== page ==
28 Important Philosophers List the Books That Influenced Them Most During Their College Days


The web site Demasiado Aire recently asked “some of the world’s most important philosophers which three books influenced them the most while undergraduate students.” And, from what we can tell, they got a good response. 28 influential philosophers dutifully jotted their lists, and, for at least the past day, Demasiado Aire has been offline, seemingly overwhelmed by traffic. Thanks to the Internet Archive’s Wayback Machine, we can recover these lists and provide you with a few highlights. We have added links to the texts cited by the philosophers. The free texts have an asterisk (*) next to them.

Charles Taylor (McGill University):

Phénoménologie de la Perception, Maurice Merleau-Ponty

The Brothers Karamazov*, Fyodor Dostoevsky

Jalons pour une théologie du Laïcat, Yves Congar

Daniel Dennett (Tufts University):

“That’s easy:

Word and Object, Quine.

The concept of mind*, Gilbert Ryle

Philosophical Investigations, Ludwig Wittgenstein

“I got to study with Quine and Ryle, but Wittgenstein had died before I encountered his work”.

Alexander Nehamas (Princeton University):

Apology of Socrates*, Plato

Nicomachean Ethics*, Aristotle

Ethics*, Spinoza

“Also, I should point out that Nietzsche’s On the Genealogy of Morality* had a huge effect on me when I was a graduate student and had a formative influence on my philosophical development”.

David Chalmers (Australian National University):

“I was an undergraduate student in mathematics rather than philosophy, but the answer is”:

Gödel, Escher Bach, Douglas Hofstadter

The Mind’s I, Douglas Hofstadter & Daniel Dennett

Reasons and Persons, Derek Parfit

You can view lists by other philosophers, including Alain de Botton, Wendy Brown, Peter Millican, and more here. The image above comes via by MjYj.

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Comments (9)
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  • Precisely, what influenced those writers who had written those books that went on to leave an impact on those who read them. How many movies were made based on books which influenced these later philosophers? What difference would it have made if altogether no one had written or read those books?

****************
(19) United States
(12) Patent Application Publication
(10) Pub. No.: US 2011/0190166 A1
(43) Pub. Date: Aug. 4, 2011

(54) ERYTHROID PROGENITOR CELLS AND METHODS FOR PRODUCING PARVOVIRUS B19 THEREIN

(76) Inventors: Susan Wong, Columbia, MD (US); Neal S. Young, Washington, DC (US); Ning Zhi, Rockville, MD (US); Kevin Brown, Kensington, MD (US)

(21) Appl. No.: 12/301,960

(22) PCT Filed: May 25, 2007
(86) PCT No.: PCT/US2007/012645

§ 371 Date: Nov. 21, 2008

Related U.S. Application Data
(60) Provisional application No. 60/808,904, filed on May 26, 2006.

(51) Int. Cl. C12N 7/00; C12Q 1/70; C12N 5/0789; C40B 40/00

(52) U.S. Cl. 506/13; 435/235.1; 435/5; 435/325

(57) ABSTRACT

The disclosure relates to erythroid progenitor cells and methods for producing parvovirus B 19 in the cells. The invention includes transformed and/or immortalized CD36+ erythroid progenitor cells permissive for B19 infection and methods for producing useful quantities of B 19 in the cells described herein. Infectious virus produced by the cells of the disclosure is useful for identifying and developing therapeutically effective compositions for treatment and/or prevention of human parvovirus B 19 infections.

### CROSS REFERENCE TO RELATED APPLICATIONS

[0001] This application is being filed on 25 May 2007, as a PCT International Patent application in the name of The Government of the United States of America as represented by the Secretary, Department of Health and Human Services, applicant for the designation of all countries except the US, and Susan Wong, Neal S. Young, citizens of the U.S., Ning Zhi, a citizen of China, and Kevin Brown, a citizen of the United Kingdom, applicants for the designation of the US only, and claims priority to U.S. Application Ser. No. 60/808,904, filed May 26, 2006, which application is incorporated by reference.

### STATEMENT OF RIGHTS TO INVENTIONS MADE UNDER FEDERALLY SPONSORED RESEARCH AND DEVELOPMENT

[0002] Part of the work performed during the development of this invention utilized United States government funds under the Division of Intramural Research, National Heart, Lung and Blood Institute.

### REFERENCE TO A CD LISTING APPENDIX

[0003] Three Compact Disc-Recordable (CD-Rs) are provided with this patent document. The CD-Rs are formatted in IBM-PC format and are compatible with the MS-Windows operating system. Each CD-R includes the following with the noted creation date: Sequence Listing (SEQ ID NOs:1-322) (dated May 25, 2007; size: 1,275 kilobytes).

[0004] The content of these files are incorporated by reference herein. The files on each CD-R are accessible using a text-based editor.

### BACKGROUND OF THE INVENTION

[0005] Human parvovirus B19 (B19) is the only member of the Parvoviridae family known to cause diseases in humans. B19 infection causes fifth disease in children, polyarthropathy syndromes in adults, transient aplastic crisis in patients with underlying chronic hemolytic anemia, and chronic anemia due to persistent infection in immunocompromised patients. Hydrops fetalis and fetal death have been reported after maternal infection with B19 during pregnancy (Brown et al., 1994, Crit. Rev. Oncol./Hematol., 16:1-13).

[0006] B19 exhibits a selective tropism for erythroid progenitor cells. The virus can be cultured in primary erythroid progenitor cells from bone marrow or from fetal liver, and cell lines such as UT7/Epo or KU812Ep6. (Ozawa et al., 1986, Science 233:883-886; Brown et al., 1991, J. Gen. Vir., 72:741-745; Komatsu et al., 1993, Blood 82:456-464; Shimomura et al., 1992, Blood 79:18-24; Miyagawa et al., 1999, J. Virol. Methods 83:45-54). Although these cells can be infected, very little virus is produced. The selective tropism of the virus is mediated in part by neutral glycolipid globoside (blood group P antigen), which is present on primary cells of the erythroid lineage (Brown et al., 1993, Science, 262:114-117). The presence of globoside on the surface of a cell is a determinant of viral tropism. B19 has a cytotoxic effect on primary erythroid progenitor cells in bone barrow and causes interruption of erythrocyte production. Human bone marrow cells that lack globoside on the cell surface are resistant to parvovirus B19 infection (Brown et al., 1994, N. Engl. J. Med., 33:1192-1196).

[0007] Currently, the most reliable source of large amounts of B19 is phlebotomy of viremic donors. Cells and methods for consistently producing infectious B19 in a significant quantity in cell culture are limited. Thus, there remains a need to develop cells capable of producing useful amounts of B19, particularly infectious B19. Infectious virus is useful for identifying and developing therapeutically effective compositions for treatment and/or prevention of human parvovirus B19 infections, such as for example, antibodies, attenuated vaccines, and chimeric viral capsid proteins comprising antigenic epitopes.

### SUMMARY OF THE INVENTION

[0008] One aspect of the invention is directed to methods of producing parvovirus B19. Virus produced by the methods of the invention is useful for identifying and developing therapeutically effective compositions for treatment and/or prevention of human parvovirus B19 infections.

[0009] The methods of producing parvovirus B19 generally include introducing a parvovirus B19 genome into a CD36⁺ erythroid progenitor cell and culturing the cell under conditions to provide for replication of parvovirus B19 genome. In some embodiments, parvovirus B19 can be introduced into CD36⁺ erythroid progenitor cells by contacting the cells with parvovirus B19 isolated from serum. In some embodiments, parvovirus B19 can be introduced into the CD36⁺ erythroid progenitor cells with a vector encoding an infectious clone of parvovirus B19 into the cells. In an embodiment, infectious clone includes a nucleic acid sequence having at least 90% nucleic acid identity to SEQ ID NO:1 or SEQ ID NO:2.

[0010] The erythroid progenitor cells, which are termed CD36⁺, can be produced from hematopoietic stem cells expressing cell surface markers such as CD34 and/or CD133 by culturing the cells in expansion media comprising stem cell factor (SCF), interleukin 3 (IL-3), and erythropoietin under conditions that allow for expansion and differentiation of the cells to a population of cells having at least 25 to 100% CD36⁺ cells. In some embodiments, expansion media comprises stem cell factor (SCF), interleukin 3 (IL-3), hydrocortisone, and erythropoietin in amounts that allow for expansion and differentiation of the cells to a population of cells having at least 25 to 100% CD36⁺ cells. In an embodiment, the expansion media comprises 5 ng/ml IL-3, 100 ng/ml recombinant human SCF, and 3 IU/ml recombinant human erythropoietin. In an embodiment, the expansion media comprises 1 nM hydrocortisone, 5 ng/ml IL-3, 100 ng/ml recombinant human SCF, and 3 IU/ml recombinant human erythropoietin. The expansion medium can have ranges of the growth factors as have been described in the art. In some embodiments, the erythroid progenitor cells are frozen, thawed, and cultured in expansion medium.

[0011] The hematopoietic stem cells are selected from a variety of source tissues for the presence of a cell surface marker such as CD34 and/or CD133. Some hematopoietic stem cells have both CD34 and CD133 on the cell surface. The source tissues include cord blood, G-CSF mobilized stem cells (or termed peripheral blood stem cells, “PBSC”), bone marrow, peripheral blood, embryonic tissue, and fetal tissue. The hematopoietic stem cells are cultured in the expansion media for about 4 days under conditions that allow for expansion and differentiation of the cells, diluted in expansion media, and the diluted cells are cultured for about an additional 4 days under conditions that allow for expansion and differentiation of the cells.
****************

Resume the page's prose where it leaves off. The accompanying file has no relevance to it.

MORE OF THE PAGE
• Mar Mara says:

    Guess there are no female philosophers who read influential books, huh.

  • Mar Mara says:

    …or write them,apparently.

  • Pete Emory says:

    Mar Mara:

    There are contributions from females. See the complete list at http://demasiadoaire.com/philosophical-youth/.


  • Mar Mara says:

    Ah my bad, it seems that 3/28 important philosophers are female.

    If the ratio were in reverse, though, I imagine it would be a “woman” list:

    “25 important women philosophers list the books that influenced them most during their college days”

  • ross says:

    Does it even matter if they are male or female. A great mind is a great mind.

    But let’s say it’s a list of “the best ballerinas” and majority were male, I wouldn’t get upset being a male If the title read “best male ballerinas”. It’s just
    more concise of what the article actually entails.

  • sitz says:

    I’ll vote for OSHO anyway…. his thoughts are way beyond, he spoke 1000s of discourse and it cut through like a razor and truth was the order of the day.

    Anyone who is aspiring to understand life. OSHO is it.


  • shivam kumar says:

    I like kautilya’s political philosophy because he was a great philoshper in own time… their political views was very interested.

  • Eric Koski says:

    Women philosophers who should have been asked would include at least Martha Nussbaum, Ruth Millikan, Patricia Churchland, Sally Haslanger, …

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